Japan is suffering its first outbreak of pig cholera in more than 25 years, authorities said Sunday after culling more than 600 animals and suspending pork exports.
A farm in central Japan saw 80 pigs die last week after catching the highly-contagious disease, an agricultural ministry official told AFP.
Early tests showed negative results for classical swine fever, as the illness is officially known.
But follow-up tests came out positive Sunday, prompting the cull of all 610 pigs at the farm, he added.
"We are now processing the livestock there and disinfecting the farm," he said, adding that officials had set up sterilisation points on access roads to the affected farm.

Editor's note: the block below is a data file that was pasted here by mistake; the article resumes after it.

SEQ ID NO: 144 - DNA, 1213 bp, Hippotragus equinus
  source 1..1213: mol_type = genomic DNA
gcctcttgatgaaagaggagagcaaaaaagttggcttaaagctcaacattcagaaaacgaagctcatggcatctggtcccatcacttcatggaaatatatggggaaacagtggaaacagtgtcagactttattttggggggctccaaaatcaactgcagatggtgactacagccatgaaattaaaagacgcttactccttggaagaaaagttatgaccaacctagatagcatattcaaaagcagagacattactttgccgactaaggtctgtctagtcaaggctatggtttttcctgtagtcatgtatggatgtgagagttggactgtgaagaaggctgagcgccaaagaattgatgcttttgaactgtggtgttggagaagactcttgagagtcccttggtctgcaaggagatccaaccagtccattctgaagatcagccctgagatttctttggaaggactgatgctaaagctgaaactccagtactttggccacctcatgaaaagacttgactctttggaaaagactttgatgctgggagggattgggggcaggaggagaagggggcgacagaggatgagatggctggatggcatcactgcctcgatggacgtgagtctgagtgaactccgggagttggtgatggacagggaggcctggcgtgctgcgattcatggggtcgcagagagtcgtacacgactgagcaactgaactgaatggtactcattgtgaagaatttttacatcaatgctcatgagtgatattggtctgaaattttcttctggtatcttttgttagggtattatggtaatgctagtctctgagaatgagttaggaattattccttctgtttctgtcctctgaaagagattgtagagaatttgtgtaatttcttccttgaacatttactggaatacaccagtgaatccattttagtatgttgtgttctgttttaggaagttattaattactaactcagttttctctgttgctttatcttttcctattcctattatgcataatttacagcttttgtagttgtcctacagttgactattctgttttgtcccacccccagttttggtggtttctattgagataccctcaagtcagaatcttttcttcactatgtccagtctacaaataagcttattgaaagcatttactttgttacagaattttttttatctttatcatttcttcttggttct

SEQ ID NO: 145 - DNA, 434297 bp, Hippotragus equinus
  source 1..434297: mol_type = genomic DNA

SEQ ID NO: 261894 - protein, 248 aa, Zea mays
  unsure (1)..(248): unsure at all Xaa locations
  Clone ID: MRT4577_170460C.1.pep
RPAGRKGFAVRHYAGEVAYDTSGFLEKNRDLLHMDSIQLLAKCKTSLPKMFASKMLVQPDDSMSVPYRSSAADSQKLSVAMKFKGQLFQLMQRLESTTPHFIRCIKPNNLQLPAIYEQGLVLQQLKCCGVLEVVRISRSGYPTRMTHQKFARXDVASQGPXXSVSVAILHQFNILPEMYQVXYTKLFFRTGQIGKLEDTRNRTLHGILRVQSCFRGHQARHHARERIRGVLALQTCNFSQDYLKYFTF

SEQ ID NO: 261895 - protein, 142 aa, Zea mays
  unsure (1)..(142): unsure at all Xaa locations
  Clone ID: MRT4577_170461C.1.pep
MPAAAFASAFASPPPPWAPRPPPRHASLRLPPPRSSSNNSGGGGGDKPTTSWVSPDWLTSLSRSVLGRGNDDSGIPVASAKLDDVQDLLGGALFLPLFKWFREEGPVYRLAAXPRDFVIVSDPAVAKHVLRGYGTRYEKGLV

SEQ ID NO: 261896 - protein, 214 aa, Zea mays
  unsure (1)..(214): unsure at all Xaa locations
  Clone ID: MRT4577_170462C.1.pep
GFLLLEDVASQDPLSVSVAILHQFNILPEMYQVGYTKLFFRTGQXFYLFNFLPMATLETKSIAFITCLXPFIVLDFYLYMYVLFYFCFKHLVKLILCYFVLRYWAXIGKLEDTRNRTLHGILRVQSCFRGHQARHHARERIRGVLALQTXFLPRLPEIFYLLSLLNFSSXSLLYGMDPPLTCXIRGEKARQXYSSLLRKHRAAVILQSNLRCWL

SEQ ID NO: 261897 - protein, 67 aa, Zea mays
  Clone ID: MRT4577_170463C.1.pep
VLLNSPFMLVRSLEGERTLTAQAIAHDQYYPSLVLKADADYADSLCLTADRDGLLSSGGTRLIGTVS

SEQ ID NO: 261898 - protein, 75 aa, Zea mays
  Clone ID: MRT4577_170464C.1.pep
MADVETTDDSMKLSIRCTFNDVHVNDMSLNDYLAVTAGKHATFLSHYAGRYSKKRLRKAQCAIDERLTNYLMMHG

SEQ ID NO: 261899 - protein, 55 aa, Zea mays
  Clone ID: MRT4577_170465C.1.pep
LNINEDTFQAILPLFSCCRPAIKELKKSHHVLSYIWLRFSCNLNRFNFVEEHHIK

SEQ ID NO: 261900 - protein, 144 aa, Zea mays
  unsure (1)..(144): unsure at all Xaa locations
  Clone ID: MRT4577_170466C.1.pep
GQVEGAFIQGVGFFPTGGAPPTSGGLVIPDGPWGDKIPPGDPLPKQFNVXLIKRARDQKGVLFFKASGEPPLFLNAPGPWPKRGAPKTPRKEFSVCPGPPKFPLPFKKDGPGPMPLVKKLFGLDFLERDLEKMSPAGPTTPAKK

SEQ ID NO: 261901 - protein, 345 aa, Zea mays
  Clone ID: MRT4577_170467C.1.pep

The government has set up a team of specialists to analyse possible infection routes, the agricultural ministry said in a statement.
Tokyo halted pork exports after the outbreak was confirmed. The nation sold roughly $9 million in raw pork meat to foreign markets last year.
Japan saw its last case of classic swine fever, which does not affect humans, in 1992.
The disease continues to rage in many parts of Asia, Europe and Latin America.
Explore further: China reports 4th outbreak this month of African swine fever